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Housing Germany

The second tenancy law package becomes an investment-blocker

Berlin, 22 April 2016 | Social, Economy

Energy transition and demographic adaptation are slowed down. Quality of housing and investments in new construction decline.

"The "Push-and-Pull-Strategy of the Federal Government is a meander. On the one hand the housing ministry tries to intensify new construction, energetic renovation, and demographic adaptation within its „alliance for affordable housing and construction“ (Bündnis für bezahlbares Wohnen und Bauen). On the other hand the plans of the ministry of justice for the tenancy law impede these efforts: refurbishment turns economically unattractive. This way the project “affordable housing for all in Germany” will not succeed”, Axel Gedaschko, president of GdW, explained.

At the end of last year, the cornerstones of the second tenancy law package have been made public. The ministry of justice proposes to reduce the percentage of the modernisation costs that can be factored into the rent from eleven to eight per cent.

At the same time a cap on rent increase after modernisation is introduced. Within eight years rent may not increase by more than 50 per cent and four Euro at most. Furthermore the rent index (Mietspiegel) shall be calculated for ten instead of four years. A regulation for a case of hardship will be present when a tenant has to spend more than 40% of income for rent and charges. This will affect low-income households severely as the regulation will make it harder even for them to find an apartment on the rental market.

Justice minister Heiko Maas will soon put forward a draft bill. “If these plans become law, all efforts for creating more affordable housing and sustaining quality living quarters will be reduced to absurdity”, stated Gedaschko.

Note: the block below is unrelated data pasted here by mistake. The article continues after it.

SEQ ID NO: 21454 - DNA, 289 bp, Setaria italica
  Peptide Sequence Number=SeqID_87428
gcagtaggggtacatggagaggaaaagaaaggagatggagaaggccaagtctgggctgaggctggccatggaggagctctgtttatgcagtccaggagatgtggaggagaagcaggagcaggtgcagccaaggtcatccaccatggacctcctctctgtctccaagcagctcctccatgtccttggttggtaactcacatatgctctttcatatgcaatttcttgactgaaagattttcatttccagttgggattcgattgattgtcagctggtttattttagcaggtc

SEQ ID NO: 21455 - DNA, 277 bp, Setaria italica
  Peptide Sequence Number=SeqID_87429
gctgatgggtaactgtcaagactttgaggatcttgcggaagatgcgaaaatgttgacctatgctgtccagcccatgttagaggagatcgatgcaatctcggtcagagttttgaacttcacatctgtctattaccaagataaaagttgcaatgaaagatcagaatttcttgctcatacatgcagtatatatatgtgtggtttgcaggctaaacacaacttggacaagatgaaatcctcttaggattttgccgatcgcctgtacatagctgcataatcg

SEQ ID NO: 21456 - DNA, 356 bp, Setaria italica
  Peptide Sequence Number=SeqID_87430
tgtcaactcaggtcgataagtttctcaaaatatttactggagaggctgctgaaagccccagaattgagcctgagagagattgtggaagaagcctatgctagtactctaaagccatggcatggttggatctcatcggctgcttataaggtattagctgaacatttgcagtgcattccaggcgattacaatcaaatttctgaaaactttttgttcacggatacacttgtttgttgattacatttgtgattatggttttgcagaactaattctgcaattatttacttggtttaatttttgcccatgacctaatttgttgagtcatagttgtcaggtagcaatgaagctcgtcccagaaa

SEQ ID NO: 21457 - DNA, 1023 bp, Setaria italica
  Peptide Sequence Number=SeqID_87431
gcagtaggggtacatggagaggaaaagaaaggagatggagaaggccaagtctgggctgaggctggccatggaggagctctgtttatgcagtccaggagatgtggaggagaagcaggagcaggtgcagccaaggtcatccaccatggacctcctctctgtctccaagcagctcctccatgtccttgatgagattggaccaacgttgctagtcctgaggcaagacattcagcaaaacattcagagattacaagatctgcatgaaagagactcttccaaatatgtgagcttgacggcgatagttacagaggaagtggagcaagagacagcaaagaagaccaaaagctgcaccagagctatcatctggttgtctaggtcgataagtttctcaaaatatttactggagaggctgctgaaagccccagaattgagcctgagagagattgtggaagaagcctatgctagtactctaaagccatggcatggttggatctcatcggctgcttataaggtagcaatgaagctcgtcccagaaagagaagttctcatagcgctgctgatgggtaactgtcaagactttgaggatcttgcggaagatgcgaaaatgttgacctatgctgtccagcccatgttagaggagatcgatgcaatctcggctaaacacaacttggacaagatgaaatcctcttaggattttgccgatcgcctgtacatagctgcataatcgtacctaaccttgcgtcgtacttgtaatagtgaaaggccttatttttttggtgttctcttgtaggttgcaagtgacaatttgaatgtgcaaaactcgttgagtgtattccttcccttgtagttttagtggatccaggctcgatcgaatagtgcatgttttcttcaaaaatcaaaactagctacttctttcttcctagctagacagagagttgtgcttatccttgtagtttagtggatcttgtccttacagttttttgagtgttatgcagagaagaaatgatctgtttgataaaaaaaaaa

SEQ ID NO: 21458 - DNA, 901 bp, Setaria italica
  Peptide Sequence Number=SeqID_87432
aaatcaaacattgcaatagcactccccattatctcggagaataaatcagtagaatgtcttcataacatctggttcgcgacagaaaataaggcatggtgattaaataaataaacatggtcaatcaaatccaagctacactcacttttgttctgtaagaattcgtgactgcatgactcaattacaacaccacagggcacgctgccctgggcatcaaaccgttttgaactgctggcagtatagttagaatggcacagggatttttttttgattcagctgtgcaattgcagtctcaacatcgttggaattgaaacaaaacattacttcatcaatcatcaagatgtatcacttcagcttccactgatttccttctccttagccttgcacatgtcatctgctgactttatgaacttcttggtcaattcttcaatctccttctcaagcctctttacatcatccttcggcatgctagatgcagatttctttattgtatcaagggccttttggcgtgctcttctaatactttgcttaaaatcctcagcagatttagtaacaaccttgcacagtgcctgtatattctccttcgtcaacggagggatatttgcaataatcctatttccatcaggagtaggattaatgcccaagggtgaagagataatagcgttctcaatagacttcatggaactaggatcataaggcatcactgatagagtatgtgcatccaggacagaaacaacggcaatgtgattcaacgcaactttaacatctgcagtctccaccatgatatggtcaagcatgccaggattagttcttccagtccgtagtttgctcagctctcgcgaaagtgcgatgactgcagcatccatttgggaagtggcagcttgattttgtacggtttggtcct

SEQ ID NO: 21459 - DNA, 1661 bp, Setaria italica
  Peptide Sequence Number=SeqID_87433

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„Landlords and tenants look at a cost problem in the case of modernisation that cannot be solved by changes in tenancy law”, Gedaschko continued. “One has to get down to the root of the problem. Instead of operating legally we need to implement the findings of the alliance for affordable housing and construction as fast as possible, especially the measures lowering construction costs. In addition a compelling and responsible political strategy for modernisation of the existing housing stock has to include:

  • The federal government has to adjust and simplify funding policy for housing refurbishment in the KfW-Bank: Not the most expensive refurbishment measures should receive the highest funding, but the ones with the highest cost-benefit effect for tenants and beneficiaries.
  • The increasing cost of housing due to refurbishment need to be compensated in form of a climate component in the housing allowance (Wohngeld) and according provisions for the accommodation costs. Thus far only a revision has been mandated.
  • Black sheep - who by means of modernisation push tenants out of their homes - must be stopped.

“Responsible landlords that take care of the future of their housing stock are punished threefold. Modernisations become economically inefficient”, Gedaschko concludes. “This way we cannot reach our climate goals in housing and will not be able to adjust the stock to the demands resulting from the demographic change. The ministry of justice contradicts the goals of its own government.”

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